This paneer is very soft and kits freshness stays for a very long time. It blends very well with the flavours of any other ingredients. It has got a very fine and classic taste. It is best for preparing all the paneer dishes such as paneer pakoras, Matar paneer, Kadai paneer, palak paneer, paneer fried rice and a lot of other dishes.

Gopaljee Ananda Rabri

The rabri tastes the best when cooled and is best for parties.

Gopaljee Ananda Chhach

Chhach helps in calming the stomach if you have had a very spicy meal. It also helps in digestion and is a wonderful tool for dehydration. It is also known to reduce the blood pressure.

Gopaljee Ananda Butter

The butter is perfect to be consumed with paratha, bread, roti, sandwiches, nans, etc.

Gopaljee Ananda Milk Powder

This milk powder is 99% fats free, high in protein and free from cholesterol. There is no added sugar and it also has a very balanced value of calories. It has a very consistent solubility and does not lump. It has got a very rich taste and is very easy to be digested.

Gopaljee Ananda Khoya

The khoya is a very rich source of calcium as well as other such nutrients. It can be used for preparing sweets. Being a dairy product, it helps in promoting very strong bones as it is a very rich source of Vitamin D and Calcium. Also, it’s a very rich source of Riboflavin as well as Vitamin B-12, the 2 Vitamins which are important for the Cardiovascular healthy and production of energy. It is also a rich source of Vitamin A.

Several types of research have shown that an increased consumption of the dairy products by kids as well as adults results in an enhanced bone density as well as a reduced risks of osteoporosis.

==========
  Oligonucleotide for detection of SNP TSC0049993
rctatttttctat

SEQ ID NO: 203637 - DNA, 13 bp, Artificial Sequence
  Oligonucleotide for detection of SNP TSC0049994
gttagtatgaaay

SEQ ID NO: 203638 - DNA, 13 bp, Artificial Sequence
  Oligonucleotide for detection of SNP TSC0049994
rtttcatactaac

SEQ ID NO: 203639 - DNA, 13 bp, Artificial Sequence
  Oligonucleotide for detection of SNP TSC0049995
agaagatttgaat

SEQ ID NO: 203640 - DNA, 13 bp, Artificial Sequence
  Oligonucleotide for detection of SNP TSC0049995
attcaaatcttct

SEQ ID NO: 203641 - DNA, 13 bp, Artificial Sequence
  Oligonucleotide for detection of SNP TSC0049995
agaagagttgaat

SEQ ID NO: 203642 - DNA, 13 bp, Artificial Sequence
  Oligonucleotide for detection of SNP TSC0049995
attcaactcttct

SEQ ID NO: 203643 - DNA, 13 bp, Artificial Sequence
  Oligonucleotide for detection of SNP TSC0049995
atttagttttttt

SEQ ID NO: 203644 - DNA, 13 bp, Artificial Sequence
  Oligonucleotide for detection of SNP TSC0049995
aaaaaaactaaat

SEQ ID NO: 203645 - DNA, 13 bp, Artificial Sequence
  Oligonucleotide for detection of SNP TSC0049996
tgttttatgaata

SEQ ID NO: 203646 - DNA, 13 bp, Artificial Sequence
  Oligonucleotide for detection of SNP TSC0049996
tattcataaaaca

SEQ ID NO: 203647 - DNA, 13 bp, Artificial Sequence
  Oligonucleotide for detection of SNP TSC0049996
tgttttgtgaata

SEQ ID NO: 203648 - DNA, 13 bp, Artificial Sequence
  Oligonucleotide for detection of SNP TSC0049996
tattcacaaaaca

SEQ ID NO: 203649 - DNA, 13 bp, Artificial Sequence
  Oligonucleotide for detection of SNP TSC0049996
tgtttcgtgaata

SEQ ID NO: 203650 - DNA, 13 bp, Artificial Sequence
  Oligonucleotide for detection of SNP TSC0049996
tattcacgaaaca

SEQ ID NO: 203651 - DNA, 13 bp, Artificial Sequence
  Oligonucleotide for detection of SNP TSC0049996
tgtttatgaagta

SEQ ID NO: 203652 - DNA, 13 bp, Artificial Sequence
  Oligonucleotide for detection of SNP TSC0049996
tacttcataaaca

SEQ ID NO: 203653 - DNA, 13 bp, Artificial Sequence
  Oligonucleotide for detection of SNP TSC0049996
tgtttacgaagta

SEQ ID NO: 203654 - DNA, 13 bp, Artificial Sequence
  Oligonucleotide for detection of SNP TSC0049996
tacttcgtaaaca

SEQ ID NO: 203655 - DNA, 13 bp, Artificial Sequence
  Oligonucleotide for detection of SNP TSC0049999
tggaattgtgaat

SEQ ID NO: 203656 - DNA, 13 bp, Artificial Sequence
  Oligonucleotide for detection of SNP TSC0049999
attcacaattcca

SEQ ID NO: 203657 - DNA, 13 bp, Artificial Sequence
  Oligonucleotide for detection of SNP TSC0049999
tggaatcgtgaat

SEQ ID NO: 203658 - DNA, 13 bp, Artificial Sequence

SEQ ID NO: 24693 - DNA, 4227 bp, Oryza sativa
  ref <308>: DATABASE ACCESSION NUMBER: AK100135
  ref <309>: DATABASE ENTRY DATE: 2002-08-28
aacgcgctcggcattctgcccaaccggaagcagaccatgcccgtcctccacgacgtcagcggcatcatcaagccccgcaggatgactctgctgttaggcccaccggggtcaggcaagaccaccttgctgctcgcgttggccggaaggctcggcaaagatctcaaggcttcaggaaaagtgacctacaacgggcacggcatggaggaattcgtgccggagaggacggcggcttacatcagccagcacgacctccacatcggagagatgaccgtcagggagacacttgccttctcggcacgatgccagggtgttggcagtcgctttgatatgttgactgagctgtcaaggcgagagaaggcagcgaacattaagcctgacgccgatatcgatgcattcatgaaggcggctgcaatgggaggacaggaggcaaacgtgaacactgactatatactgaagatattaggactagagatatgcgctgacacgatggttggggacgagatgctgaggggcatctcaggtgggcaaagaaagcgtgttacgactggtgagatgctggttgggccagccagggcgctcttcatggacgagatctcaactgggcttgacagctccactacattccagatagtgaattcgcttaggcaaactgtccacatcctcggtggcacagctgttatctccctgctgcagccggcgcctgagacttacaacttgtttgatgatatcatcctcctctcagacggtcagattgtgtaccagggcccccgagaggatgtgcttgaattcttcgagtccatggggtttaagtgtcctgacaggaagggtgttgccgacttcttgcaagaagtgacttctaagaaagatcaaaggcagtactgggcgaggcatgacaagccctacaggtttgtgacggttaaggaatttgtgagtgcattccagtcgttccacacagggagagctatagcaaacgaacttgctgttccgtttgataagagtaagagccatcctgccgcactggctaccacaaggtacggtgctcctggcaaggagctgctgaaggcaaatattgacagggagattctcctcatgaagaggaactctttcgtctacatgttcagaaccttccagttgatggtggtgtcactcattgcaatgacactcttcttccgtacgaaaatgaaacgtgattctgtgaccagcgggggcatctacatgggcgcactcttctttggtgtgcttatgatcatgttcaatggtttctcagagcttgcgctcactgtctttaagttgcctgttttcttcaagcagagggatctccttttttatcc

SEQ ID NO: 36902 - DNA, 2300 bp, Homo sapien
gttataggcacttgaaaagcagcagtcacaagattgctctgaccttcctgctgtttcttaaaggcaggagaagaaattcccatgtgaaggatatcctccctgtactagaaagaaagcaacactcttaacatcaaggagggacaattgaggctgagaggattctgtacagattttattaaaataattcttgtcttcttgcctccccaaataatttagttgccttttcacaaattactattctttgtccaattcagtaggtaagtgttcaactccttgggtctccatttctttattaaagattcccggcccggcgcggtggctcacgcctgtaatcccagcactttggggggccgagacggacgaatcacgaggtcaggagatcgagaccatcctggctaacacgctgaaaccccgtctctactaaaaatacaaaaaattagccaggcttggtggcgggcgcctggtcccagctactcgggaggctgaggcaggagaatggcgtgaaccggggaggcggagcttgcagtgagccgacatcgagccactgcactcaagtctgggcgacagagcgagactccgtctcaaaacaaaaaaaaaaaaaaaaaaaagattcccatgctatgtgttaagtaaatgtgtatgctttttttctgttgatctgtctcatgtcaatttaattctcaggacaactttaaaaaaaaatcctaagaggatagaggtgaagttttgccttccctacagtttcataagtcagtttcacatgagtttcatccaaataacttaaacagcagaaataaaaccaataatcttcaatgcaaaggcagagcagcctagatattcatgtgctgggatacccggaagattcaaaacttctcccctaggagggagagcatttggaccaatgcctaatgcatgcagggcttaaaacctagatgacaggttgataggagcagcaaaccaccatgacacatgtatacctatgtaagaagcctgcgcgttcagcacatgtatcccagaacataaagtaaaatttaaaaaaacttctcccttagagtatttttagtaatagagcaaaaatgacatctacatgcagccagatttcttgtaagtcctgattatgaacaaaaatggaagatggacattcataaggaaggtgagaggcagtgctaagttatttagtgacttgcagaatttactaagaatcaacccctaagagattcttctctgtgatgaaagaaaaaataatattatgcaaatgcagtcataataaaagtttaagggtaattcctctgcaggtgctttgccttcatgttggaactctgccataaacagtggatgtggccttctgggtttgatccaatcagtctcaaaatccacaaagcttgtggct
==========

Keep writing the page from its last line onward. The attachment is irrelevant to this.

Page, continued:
G+ Milk

The milk is a whole, rich with nutrition and trustworthy milk significantly for kids. It is full of rich cream, and the richness of the taste makes it perfect to be consumed by kids as well as adults. It helps in making a yummy cup of hot and cold milk-based beverages and good quality curd. It is perfect for preparing yummy desserts as well as sweets.

G+ Ghee

It may be spread on roti or parantha and is also good for cooking, making sweets or for garnishing.

G+ Boondi

This boondi is perfect for preparing raita.

G+ Paneer

G+ Paneer is very good for cookery preparations and is a very rich source of calcium as well as proteins. It is good for teeth and bones.

G+ Dahi

The dahi is perfect to be consumed directly and can be used for preparing lassi as well as dishes such as chaat, Dahi vada, raita and kadi. It is used extensively for marinating veg as well as non-veg dishes.

G+ Butter Milk

It can be consumed directly and tastes best when chilled. It is also used cookery preparations.

Dairy India milk

It is perfect for direct consumption.

Dairy India ghee

It may be spread in roti, parantha and perfect for garnishing, cooking and for making sweets.

Dairy India Flavored Milk

It may be consumed directly.

Dairy India Chhach

It is consumed directly and tastes best when chilled.

Dairy India Paneer

It may be used for preparing a lot of dishes.

Dairy India Dahi

Dahi is sweetened with the help of honey which is quite beneficial for jaundice. It aids natural looks since it nourishes the skin as well as nerves.

Dairy India Sweets

The Dairy India Sweets are the best and tastes dessert for parties and homes. It tastes the best when cooled. They are made with high-quality milk, paneer and khoya.